We are delighted to publish our eighth Portrait of an Artist interview to this very special column, edited by Jennifer Bracewell. This week Jennifer has interviewed Jo Sullivan an emerging and talented mobile photographer, take it away Jen (foreword by Joanne Carter).
(We also have a dedicated Facebook group set up for this Column too – please join us here. Jennifer regularly adds and contributes to this. In addition we have set up a Flickr Group dedicated to this column. We would like you to send all your portraiture here and we will select images for curation and showcases as well as commentary – this is the Flickr Group link).
“Jo Sullivan’s fascination with photography began at an early age, with her first pinhole camera and later her love of Polaroids. In her portraiture, Jo is adept at bringing out emotion and at revealing hidden secrets. Be sure to pay a visit to her gallery and enjoy her portrait studies and her surrealistic images.
Thank you, Jo, for taking the time to talk with me!”
What are your earliest memories of photography and/or art?
My earliest memories of art are those of my father creating murals, sculpting in lead and taking my brother and me to museums. I took an early interest in photography, making my first pinhole camera at the age of 9. I loved the illusions I could create through a camera lens and used my family’s Polaroid as often as I could. I remember impatiently waving those little photos in the air, waiting for the image to emerge.
What have you sacrificed for your art?
I cannot think of any sacrifices I’ve made, it’s all been a joy.
What is it about portraiture that appeals to you?
Faces. I just love human faces. So much can be expressed, unbidden, in a good photograph. The eyes, the turn of the mouth, the lines, pockmarks, freckles…all those details that make one visually unique.
Why do you think mobile photography and portraiture work so well together?
The ability to manipulate a photographic portrait is astounding in mobile photography. I’ve taken photos of my children and manipulated them to express what I know is behind those eyes, ruminating in that mind in a rather surrealistic way. So much of this could not be done without the applications available in mobile photography.
Tell me about awards and recognition you’ve received.
I’ve only worked in mobile photography along with digital applications since the late summer of 2014 and had no idea there was such a strong movement to bring this art form to the fore. Around the Fall/Winter of 2014 I discovered Joanne Carter and The App Whisperer. I was blown away by the art she was highlighting and decided, rather naively, to start submitting my pieces. Joanne has featured me several times, in Mobile Showcases, as a Featured Artists and on Instagram. I’ve submitted in a few international competitions since then simply for the experience. The attention my work received came as a huge surprise. It still does.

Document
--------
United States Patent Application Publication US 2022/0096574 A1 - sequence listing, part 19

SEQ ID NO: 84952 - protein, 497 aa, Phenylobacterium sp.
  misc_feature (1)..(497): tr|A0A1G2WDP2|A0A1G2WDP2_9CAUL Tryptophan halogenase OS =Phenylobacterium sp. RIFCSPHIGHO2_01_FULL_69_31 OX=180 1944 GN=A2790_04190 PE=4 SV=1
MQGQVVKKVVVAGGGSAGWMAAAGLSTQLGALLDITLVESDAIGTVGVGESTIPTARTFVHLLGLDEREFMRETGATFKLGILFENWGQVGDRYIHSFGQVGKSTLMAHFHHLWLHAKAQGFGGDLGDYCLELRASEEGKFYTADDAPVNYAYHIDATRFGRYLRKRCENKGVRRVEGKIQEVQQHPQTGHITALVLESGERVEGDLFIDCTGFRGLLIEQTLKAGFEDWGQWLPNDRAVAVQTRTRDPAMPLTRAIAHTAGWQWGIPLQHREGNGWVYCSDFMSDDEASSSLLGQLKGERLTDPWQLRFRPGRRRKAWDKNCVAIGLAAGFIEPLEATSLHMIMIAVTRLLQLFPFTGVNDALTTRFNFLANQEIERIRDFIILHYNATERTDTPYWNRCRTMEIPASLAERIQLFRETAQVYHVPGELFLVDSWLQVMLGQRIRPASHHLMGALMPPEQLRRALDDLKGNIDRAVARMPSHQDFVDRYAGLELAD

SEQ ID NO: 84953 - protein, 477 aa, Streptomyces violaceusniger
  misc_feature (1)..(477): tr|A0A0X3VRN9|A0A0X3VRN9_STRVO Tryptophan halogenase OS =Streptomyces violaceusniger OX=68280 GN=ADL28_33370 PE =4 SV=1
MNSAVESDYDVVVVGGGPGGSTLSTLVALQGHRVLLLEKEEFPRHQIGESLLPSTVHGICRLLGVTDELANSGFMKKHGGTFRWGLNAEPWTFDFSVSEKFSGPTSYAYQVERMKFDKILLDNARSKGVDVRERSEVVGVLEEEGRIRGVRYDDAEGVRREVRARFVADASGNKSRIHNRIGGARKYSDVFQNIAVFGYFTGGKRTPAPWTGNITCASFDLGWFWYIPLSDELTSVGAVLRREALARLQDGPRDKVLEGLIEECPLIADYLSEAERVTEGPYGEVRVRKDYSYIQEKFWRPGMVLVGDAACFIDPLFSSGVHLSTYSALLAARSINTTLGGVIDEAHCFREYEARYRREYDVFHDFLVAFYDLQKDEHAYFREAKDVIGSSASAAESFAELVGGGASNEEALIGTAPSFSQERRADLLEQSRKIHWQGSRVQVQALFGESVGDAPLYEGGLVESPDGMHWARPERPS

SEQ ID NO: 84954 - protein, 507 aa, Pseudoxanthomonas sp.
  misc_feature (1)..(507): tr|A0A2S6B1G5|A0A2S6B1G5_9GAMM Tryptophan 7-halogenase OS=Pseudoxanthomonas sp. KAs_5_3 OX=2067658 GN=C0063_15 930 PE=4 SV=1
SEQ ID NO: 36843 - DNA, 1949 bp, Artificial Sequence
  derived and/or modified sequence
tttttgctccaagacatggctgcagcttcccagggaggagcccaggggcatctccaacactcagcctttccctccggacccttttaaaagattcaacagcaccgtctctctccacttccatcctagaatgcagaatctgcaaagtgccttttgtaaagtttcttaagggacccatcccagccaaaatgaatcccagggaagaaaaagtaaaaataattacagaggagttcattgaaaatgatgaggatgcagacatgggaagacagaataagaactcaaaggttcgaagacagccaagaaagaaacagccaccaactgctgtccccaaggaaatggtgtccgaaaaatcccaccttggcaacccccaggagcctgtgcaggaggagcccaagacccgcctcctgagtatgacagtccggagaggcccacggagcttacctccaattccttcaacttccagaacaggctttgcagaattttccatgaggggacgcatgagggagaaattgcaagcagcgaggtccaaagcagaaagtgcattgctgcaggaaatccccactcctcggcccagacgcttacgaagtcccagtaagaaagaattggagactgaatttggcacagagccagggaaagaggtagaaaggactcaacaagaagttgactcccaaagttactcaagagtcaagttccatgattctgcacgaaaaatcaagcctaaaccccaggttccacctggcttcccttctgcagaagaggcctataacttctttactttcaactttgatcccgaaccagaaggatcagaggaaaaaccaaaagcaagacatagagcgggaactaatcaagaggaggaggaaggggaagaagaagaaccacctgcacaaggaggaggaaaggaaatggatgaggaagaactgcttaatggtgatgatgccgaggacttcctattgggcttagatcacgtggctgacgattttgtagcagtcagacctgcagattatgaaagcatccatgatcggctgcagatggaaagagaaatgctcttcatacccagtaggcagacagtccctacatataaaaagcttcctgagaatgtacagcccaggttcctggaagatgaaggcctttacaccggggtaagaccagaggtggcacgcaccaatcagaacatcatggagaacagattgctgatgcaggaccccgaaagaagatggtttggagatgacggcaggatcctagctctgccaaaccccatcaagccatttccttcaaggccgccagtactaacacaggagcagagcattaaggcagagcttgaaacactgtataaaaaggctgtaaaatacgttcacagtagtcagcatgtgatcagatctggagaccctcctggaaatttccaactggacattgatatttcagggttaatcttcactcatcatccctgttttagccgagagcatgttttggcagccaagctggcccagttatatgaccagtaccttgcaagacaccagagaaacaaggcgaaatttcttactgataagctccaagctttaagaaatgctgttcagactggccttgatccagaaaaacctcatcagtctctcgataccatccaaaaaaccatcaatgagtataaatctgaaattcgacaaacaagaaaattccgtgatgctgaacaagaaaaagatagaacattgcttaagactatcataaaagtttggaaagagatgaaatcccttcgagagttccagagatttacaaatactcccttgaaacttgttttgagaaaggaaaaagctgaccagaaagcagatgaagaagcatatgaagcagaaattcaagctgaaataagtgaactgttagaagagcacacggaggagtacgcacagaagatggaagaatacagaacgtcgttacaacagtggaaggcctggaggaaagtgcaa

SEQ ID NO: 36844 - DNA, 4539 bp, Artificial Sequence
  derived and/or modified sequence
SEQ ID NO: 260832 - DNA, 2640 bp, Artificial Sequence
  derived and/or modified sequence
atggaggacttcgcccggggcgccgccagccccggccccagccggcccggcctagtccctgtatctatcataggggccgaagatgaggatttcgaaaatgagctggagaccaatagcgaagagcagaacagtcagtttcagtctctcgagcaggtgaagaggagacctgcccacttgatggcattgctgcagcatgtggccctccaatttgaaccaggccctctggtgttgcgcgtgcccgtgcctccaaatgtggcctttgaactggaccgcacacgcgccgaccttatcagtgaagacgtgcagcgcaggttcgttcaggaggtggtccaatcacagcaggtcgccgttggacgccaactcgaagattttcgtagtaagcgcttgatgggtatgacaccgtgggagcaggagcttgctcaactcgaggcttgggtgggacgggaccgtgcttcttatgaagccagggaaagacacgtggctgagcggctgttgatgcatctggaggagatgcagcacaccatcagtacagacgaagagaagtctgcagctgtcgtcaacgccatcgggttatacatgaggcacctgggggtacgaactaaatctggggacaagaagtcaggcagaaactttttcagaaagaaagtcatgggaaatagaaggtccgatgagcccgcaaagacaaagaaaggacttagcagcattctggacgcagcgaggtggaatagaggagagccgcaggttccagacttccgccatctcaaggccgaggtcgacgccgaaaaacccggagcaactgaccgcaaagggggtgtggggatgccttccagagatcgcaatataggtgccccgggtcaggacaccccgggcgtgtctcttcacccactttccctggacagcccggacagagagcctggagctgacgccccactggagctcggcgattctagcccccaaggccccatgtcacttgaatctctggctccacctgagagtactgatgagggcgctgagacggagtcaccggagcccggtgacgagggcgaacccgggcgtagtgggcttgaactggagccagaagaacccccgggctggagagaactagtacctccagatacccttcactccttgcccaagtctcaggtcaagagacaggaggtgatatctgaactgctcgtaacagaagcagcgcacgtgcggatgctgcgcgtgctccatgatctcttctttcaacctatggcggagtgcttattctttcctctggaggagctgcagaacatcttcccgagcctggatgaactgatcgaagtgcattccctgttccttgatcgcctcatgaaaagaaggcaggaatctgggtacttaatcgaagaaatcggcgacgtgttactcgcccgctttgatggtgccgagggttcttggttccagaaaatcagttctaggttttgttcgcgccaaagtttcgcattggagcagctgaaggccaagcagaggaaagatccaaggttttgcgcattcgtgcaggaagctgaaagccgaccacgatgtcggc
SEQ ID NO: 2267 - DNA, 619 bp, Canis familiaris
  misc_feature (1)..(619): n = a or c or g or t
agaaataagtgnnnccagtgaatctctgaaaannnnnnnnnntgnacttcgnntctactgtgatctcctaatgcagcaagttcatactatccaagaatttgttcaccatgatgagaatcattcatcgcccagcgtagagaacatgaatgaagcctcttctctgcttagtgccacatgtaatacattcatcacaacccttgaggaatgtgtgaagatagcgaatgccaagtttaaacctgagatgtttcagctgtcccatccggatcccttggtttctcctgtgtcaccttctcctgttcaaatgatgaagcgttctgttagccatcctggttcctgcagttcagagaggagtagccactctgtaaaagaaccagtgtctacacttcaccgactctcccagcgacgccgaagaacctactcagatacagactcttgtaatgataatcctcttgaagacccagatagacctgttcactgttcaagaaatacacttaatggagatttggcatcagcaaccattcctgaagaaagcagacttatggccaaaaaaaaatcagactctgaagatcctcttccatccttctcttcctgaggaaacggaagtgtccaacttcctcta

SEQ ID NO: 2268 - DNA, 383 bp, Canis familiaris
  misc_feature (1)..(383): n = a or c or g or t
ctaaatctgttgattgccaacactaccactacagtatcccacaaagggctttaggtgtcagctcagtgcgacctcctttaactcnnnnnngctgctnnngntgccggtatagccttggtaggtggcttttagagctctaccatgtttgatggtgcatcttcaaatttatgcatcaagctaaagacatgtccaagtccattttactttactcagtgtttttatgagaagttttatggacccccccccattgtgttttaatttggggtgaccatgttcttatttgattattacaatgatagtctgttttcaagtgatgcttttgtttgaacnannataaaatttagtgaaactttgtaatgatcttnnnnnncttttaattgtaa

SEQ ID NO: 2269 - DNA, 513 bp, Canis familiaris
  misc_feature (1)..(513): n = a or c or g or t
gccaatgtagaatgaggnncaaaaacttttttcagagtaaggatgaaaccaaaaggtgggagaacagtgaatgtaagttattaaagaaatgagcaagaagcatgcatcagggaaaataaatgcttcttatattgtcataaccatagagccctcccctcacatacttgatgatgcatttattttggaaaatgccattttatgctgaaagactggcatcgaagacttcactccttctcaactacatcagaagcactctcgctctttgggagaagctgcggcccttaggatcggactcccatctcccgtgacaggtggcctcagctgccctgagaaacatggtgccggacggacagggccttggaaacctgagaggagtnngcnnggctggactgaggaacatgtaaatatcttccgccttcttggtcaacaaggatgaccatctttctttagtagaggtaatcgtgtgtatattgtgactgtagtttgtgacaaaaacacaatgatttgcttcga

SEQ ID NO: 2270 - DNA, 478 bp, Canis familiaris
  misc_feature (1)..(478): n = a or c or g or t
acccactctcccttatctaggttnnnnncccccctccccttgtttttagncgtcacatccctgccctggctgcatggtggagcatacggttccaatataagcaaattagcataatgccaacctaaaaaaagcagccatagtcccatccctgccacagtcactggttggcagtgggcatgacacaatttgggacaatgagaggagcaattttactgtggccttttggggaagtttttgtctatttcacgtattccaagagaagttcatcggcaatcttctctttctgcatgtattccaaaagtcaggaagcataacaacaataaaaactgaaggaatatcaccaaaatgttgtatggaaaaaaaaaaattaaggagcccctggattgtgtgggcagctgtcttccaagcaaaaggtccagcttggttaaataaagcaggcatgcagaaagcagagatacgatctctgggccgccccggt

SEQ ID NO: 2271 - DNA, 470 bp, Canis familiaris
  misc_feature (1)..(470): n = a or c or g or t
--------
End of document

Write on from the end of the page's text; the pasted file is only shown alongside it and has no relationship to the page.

Which of your own images are you most proud of and why?
The ones of my children are the pieces in which I take the most pride. They’re the most personal and the ones to which I feel closest. I’m also proud of my more surrealistic pieces as that’s pretty much how my mind works anyway…
What have been the high points and low points of your career so far?
As my career is in it’s infancy, the highs and lows are pretty close together. Obviously, Joanne’s attention, support and promotion are the absolute pinnacle of the high points. As for lows…I’m feeling them on and off now, where I didn’t before “going public”. Before, I didn’t care what anyone, except my family, thought of my work. Now that I’ve baby-stepped into the public world of so many incredible artists the self-doubt has crept in. Sometimes (read “often) I look at a piece by a fellow artist and I just want to step back into the shadows of my private world, believing I can never aspire to such beauty. It’s a hard conversation to have with oneself, but it’s a necessary one.
What would you say the biggest myth is about mobile photography?
The biggest myth? That mobile photography isn’t true art. That critique is one that’s hounded every new art form throughout history. Some who consider themselves purists in any medium will always find fault with innovation. Just recently, Vermeer’s art came under attack for his possible use of lenses in his work. So what? I applaud those who stretch, attempt to go beyond the norm. Without people driven to find more, create differently, take chances, shrug off the critics, where would we be?
What/whose work of art would you most like to own?
Klimt’s “The Kiss”. It’s the most perfect piece of art I’ve ever seen.
What song would work as the soundtrack to your life?